Good news, though! It has been announced that Neon has purchased Flee, marking the first purchase out of the festival. With the strong word-of-mouth this excellent film has garnered, it is great to see a major indie company pick this up. Here is hoping for similar good news for CODA in the coming days, if not hours.

1:39 pm: After a brief interlude I dove straight into my fourth film, One for the Road directed by Nattawut Poonpiriya and produced by the legendary Wong Kar-Wai. This was a long heavy movie about two friends who come together after one is diagnosed with terminal leukemia. There was a lot I loved about this film, but the pacing really dragged, and with a little more restraint and focus this could have been an excellent film in my eyes. However, this was still very good and one I don’t regret seeing. This wraps up the catch-up from yesterday’s portion of the schedule, and now I am heading into the first of four premieres today.

8:05 am: Flee is a beautifully told hybrid of animation and live-action footage mainly taking place in the late 80s and into the present day. We follow Amin, a young Afghan refugee, as he has to struggle with the on-going war in his country, the separation from his family, as well as his own sexuality and keeping that from those that he loves. In the three films I have watched so far, they have all been really complex stories told in interesting ways, and this so far is my favorite. I am going to try and sneak in at least one or two more films before my first premiere this afternoon.

6:15 am: After a late night that had me up until one in the morning (you’ll be seeing this a lot over the next few days), it’s time for an early start to try and get in a few second-day films before the start of my premiere slate. The last film I watched was the first in the midnight slate of films, the directorial debut of Prano Bailey-Bond entitled Censor, an extremely solid psychological horror film about a young woman who is a film censor back in the 1980s who is also dealing with the mental drama of feeling responsible for the death of her sister. Blurring the lines between what is real and what is all in her head, the film has an ending that I just can’t shake.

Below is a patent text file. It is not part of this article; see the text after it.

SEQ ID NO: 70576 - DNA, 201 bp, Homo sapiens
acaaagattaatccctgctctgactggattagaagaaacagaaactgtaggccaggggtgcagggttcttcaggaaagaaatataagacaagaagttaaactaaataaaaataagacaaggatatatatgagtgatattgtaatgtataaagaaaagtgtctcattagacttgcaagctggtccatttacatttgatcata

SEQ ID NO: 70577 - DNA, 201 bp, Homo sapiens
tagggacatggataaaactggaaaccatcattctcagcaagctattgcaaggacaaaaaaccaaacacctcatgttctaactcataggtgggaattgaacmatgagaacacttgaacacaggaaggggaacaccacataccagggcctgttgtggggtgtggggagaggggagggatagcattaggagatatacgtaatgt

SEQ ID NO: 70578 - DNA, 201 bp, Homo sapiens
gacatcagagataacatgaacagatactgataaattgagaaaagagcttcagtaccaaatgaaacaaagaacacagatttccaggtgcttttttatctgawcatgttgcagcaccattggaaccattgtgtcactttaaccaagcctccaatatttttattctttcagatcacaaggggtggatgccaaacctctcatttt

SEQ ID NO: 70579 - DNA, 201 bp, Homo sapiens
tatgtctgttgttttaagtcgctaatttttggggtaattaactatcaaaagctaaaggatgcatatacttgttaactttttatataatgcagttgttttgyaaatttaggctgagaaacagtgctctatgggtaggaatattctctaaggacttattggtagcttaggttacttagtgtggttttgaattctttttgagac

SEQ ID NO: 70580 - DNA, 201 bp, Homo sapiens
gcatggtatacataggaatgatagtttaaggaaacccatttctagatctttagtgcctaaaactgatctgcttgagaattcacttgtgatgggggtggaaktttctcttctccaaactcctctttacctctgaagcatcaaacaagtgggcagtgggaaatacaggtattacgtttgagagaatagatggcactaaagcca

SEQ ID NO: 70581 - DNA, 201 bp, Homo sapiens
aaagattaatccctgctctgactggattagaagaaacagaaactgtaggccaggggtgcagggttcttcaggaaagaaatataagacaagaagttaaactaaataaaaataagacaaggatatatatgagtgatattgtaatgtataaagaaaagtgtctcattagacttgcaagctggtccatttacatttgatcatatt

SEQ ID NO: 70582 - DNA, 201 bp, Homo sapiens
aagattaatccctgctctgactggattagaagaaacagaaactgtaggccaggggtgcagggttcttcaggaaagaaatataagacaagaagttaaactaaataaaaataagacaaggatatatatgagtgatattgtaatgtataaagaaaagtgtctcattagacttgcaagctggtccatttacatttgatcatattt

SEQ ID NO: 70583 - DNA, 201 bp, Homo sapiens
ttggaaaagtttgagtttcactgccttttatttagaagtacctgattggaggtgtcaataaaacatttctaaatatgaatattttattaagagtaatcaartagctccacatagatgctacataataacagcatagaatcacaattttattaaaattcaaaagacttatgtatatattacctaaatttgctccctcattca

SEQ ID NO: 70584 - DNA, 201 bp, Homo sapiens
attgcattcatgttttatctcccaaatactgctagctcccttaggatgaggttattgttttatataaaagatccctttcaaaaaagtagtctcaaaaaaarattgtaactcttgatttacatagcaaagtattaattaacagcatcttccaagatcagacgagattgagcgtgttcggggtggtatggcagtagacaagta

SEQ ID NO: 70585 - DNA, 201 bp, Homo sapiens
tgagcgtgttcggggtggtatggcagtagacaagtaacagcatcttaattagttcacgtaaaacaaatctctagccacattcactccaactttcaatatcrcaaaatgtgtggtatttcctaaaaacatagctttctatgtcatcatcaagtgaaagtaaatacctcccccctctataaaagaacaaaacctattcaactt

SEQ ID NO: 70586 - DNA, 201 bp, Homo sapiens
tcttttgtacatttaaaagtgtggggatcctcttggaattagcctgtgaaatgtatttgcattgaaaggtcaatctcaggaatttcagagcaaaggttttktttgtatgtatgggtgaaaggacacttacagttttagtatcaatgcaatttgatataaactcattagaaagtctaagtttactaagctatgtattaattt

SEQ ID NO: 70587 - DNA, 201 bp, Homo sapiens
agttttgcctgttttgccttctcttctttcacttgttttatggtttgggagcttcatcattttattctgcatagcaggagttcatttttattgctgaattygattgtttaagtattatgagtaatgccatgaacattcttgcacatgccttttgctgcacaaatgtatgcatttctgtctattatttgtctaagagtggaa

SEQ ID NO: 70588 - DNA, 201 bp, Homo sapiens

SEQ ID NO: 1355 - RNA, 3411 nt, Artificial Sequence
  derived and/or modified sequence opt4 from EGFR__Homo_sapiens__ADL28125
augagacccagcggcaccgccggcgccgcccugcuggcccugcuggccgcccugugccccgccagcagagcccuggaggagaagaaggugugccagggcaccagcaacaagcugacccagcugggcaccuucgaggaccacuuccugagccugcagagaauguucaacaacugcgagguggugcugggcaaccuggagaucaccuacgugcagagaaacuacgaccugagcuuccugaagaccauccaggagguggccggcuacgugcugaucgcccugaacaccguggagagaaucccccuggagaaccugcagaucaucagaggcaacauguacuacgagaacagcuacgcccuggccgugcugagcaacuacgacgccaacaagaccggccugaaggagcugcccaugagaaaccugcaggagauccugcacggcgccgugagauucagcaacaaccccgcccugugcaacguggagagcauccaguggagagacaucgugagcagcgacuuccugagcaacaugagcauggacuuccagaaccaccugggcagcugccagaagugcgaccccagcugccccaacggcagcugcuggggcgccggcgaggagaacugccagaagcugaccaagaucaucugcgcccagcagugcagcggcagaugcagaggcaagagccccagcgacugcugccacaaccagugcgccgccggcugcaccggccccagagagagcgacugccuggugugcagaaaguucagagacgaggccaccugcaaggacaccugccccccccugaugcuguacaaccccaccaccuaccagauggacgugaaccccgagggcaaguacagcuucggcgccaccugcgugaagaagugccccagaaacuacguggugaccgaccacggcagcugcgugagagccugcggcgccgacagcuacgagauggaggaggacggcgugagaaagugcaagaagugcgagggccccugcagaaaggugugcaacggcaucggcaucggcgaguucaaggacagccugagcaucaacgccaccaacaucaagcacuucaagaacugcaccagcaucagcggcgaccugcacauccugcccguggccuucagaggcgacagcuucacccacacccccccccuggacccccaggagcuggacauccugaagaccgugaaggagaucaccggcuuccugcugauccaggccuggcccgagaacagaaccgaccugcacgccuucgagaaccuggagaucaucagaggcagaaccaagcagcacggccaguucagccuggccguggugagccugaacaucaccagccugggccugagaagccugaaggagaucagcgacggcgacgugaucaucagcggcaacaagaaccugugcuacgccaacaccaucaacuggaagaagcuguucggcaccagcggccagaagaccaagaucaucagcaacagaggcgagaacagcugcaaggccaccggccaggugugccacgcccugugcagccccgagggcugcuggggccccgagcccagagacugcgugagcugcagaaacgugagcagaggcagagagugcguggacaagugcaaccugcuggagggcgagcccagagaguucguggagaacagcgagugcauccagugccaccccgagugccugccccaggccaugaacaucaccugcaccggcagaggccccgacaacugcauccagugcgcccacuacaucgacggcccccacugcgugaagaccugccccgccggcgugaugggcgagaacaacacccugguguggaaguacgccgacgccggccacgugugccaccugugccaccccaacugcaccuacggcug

Now it’s time for some coffee and to start the first of three extremely packed days!

Thursday, January 28th
9:31 pm: When I hear someone tell me to bring tissues to a movie, my reaction is always to put on the macho facade faux tough guy act. Well, congratulations Sian Heder, you got me. 

CODA was a really well-acted look at what it’s like to be an outsider, whether it be in your family (being the only hearing member of your deaf family), being made fun of at school, or having a talent that you feel too afraid to let out there. Emilia Jones is an absolute treasure as Ruby, the hearing daughter of a family who runs a fishing boat. Marlee Matlin, Troy Kotsur, and Daniel Durant were all fantastic as Ruby’s parents and older brother, and Eugenio Derebez as Ruby’s music teacher Mr. V. stole most, if not all the scenes he was in. 

The story beats may have been familiar, and while the story in the middle gets to be a bit muddled, this was a fantastic way to start my first Sundance Film Festival. 

3:58 pm: Even though I have been to the Toronto International Film Festival three times, something about covering Sundance feels different. This is the first time I have covered a festival with Press and Industry access, and while I feel comfortable in my abilities in watching and writing about what I have seen, the fact that I have been given so much more access than I ever have before feels overwhelming and enlightening all at the same time. My hope is the work I put in will make whoever reads my reviews, whether they be short or long-form, to be able to see some of these amazing movies.

Speaking of which, as of right now I have a total of nineteen films on my slate which are confirmed, with that number reaching close to thirty if I catch everything I want in the second viewing portion of the festival. Since the premieres don’t begin until 7 pm my time, I decided to take in the animated shorts selection, and this was a vast array of fun and interesting films, many of which caught my attention both for their style and story. Of the nine that were featured in this 72-minute block, my three favorites were GNT, KKUM, and Souvenir Souvenir. If you have the opportunity and the time to check this out, I highly encourage you to do so.

Author: Sean Blanford